The woman in question got out of her pew once again, knelt in the center aisle, crossed herself very quickly and irregularly, several times, and then returned to her seat, collected her things, and left the chapel, quickly, silently. And wasn't that she was making noise. It was her constant movement that was distracting.

On Prayer

So let's talk about prayer a little bit, for this woman is not alone. A priest who was at my parish previously once gave a talk in which this behavior was addressed; he spoke of people who come to the chapel for Adoration, but they bring a stack of prayers and devotions. They don't remain still ; they are constantly in movement, offering their novenas and litanies and list of prayers that * must* be said. And then they leave.

He asked, "Where, in all that, have they had time to LISTEN to Jesus?"

I've taken his words to heart. Although I've never gone so crazy on devotions, the temptation has been there. I've found wonderful novenas, captivating litanies, several prayers applicable to my situation or the situations of others, and really....lots of things that could take up an hour or even a brief visit.

As it is, it's tempting to just drop into the chapel and let loose with my own complaints, supplications and demands. None of us is without a laundry-list of issues to bring to the foot of the cross.

But that's NOT what Adoration is about.

Sure, Our Lord invites us to bring our concerns, ask for help, petition on behalf of others, and pray our litanies that honor Him and His Mother and the Saints. Those prayers are important. But maybe it's even MORE important to just come to Him and sit at His feet, silently, allowing Him, for once, to speak to US. To love us. To be present with us, and help us to understand how to be present with Him.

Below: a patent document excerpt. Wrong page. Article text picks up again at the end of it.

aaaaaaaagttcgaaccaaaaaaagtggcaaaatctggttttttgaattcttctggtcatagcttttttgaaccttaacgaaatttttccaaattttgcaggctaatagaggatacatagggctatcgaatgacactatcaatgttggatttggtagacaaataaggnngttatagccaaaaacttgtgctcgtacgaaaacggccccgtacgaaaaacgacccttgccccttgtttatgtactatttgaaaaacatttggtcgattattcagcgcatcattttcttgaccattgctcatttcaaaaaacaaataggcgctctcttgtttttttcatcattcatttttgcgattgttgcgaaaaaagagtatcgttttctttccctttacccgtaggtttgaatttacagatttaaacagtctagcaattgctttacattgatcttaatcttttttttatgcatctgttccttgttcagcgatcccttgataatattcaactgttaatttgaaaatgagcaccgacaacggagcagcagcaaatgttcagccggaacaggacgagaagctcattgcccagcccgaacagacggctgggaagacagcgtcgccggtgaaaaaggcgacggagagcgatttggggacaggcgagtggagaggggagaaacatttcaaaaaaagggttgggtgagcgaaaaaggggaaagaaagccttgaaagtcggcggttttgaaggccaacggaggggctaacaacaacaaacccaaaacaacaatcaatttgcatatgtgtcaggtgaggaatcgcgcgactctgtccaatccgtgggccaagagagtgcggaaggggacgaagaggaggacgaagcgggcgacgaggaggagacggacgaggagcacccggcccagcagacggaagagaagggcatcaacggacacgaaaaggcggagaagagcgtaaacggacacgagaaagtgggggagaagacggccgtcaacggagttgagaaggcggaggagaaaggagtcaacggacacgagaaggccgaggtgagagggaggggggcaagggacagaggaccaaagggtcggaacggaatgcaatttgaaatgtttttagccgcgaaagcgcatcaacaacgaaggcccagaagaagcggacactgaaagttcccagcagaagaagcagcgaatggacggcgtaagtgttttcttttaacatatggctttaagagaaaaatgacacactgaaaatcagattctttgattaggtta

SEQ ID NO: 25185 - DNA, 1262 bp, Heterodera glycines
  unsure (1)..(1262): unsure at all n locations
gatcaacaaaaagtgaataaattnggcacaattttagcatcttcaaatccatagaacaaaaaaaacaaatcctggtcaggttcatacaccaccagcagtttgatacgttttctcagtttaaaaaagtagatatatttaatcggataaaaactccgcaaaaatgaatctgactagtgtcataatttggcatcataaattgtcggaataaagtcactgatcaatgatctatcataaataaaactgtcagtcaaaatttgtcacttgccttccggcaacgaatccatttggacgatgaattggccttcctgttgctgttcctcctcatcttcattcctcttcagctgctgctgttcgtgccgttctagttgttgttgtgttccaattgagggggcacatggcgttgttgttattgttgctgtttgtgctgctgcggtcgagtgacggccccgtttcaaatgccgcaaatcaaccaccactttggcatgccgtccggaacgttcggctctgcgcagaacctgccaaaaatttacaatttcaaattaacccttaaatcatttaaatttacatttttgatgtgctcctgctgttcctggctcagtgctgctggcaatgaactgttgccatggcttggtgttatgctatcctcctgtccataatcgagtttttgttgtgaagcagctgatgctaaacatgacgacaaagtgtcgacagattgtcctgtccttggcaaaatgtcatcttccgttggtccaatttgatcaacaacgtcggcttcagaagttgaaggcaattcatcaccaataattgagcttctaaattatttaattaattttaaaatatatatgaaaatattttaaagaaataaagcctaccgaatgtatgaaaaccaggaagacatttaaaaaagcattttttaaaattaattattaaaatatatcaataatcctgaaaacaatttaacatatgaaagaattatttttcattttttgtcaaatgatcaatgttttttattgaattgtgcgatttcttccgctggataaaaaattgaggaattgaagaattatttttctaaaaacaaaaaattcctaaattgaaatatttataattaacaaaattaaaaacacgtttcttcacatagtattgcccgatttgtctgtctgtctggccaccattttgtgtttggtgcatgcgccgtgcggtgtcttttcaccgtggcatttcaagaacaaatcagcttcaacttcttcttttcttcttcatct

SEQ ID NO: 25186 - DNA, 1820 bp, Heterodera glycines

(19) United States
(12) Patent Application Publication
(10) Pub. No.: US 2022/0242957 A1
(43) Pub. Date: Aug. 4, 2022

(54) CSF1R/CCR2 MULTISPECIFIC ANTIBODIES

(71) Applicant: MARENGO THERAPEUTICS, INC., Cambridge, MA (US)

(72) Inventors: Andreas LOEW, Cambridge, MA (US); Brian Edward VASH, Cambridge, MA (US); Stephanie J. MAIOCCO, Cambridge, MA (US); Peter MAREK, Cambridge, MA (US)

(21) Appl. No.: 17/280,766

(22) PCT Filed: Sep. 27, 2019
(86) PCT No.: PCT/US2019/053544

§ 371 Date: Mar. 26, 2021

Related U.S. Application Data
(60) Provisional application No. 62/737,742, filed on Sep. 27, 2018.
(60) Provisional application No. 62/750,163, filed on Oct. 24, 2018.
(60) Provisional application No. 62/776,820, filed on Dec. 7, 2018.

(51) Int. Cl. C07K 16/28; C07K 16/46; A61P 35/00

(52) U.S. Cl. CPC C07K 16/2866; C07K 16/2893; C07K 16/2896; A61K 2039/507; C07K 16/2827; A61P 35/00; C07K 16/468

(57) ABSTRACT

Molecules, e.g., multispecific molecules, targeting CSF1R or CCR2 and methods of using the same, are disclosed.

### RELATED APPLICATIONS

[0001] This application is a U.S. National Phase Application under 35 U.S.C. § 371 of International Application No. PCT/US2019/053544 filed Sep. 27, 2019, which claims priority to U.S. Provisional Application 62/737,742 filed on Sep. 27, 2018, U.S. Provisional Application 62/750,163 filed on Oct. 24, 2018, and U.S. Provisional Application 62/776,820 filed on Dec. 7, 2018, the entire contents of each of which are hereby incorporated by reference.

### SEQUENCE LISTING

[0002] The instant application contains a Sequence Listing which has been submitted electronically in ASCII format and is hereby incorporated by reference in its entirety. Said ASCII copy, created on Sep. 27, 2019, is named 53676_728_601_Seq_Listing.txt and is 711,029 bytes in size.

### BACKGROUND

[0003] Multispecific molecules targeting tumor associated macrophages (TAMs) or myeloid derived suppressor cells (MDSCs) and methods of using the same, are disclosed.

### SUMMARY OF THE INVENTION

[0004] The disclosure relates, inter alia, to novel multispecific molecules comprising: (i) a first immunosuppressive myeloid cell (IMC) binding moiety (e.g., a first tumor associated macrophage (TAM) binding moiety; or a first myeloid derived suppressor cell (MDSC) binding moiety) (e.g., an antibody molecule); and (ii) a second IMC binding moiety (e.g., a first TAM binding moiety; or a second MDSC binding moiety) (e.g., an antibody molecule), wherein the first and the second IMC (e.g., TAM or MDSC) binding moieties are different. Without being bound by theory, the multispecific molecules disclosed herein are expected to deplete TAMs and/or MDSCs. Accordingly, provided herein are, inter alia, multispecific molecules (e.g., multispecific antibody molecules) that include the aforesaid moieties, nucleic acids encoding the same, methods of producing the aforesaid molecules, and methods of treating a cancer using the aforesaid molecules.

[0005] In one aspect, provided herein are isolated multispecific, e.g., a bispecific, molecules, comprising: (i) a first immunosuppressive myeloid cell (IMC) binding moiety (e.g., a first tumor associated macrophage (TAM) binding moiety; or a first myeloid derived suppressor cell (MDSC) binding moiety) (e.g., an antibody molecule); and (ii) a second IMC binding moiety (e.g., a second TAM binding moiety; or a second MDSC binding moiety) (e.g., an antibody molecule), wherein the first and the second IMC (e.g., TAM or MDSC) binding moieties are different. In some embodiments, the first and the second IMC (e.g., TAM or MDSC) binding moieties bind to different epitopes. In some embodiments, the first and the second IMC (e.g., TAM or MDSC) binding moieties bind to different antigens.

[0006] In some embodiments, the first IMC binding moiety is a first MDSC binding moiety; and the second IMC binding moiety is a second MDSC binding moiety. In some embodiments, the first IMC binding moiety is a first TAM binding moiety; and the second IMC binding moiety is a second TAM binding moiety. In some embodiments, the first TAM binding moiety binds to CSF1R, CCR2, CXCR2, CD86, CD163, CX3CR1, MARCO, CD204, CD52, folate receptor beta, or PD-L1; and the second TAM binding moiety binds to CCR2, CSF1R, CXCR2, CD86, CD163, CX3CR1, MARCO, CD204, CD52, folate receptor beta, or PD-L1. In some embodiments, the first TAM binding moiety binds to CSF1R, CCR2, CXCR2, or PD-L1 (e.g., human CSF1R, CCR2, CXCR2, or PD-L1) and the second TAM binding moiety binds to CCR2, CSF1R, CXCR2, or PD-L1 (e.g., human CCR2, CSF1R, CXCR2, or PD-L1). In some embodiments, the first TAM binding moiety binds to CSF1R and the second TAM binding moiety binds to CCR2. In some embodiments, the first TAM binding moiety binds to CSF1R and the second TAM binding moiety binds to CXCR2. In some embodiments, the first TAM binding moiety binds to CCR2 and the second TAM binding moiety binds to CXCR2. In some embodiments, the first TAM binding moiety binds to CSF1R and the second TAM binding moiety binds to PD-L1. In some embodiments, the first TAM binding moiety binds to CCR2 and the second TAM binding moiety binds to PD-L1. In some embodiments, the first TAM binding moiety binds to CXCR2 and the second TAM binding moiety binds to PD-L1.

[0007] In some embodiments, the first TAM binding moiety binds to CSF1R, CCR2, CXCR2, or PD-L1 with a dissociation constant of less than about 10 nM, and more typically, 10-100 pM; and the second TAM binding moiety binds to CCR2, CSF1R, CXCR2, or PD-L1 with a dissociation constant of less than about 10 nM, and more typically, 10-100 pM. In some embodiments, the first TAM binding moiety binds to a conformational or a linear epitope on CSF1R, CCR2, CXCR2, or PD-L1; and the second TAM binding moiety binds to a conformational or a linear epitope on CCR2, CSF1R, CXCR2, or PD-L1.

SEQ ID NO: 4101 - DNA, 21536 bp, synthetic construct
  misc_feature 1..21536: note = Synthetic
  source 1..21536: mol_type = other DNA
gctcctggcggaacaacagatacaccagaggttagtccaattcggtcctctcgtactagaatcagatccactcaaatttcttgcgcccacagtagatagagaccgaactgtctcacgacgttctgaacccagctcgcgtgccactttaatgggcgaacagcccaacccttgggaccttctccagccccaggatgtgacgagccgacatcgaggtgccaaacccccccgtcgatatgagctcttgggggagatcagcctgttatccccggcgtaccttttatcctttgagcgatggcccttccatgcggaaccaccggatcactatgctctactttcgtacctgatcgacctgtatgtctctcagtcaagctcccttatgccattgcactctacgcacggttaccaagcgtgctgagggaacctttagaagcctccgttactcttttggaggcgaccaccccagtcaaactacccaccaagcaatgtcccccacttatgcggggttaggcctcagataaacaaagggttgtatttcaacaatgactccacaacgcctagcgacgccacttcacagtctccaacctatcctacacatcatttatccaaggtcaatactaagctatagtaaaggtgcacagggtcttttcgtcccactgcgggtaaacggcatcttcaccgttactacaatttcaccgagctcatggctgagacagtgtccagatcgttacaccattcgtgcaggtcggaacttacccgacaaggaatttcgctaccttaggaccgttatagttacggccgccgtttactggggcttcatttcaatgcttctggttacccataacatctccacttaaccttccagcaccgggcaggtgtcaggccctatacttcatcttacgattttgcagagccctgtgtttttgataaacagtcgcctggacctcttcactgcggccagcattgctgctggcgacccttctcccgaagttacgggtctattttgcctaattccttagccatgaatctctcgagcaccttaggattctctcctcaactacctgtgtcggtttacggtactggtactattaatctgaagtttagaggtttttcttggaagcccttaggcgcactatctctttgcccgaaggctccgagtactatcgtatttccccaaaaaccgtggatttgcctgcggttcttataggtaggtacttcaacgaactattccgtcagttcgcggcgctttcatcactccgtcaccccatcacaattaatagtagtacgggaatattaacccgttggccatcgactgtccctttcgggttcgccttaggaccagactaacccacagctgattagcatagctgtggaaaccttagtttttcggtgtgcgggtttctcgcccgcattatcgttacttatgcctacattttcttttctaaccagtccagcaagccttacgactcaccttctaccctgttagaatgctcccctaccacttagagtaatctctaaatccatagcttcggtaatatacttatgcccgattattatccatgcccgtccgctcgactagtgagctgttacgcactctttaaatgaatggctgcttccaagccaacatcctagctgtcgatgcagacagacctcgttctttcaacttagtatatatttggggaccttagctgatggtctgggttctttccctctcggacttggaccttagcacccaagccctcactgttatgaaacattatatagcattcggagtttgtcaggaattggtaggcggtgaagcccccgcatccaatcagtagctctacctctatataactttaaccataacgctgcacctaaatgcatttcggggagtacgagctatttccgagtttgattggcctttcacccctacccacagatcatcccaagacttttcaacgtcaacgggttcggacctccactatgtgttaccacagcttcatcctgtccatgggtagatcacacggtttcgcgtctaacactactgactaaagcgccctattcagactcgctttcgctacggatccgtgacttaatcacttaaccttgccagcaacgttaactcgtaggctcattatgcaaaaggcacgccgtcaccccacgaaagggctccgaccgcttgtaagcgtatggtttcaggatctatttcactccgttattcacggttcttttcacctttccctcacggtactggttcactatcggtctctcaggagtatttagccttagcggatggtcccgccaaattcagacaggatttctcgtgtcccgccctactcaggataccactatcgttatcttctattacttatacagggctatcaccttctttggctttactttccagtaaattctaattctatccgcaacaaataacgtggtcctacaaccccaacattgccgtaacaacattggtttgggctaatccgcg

Adoration is not about the nearly-obsessive compulsion to pray a thousand devotions, to "get through" them each time, no matter how many indulgences they carry. If we're only rushing from one prayer to the next, seeking one indulgence, then another, with a desperate neediness to complete the words in the time we have...that's NOT prayer. It's...words. It's EXACTLY what Jesus cautioned us AGAINST! The multiplication of words does not get us or others to heaven!

One Hail Mary, spoken deliberately and with devotion, is far more valuable than a thousand litanies spoken without a thought other than to get the words out in a specific period of time.

I love devotions, and many devotions draw us into contemplation. But not when we're praying one devotion while thinking about the next one we HAVE to complete during our "prayer time."

Compare it to this: You are going to visit a friend you highly respect and love dearly, more so than your own life. And so, when you visit them, you rush in, skip a calm "hello" in favor of rattling off a bunch of things you think this person needs to know. And as soon as you get through your list, you're off. In the meantime, your dear friend listens patiently, not able to get a word in edgewise, and then in exasperation watches you rush off, knowing that he has something to say to you that, for once, will give you some peace.

And the amazing thing...this friend will take this abuse over and over, as long as He needs to.

But what He really wants is a relationship with you.

Jesus appreciates the honor of your visit, the litanies, the intercessions, and WANTS to hear of your troubles. Even though He already knows you more intimately that you know yourself, He wants you to talk to Him about it. And He wants to respond to you. And sometimes, like any good friend, he wants to just spend time with you, even in silence.

There's nothing like companionable silence, where both understand one another and can simply exist together.

THAT is contemplation.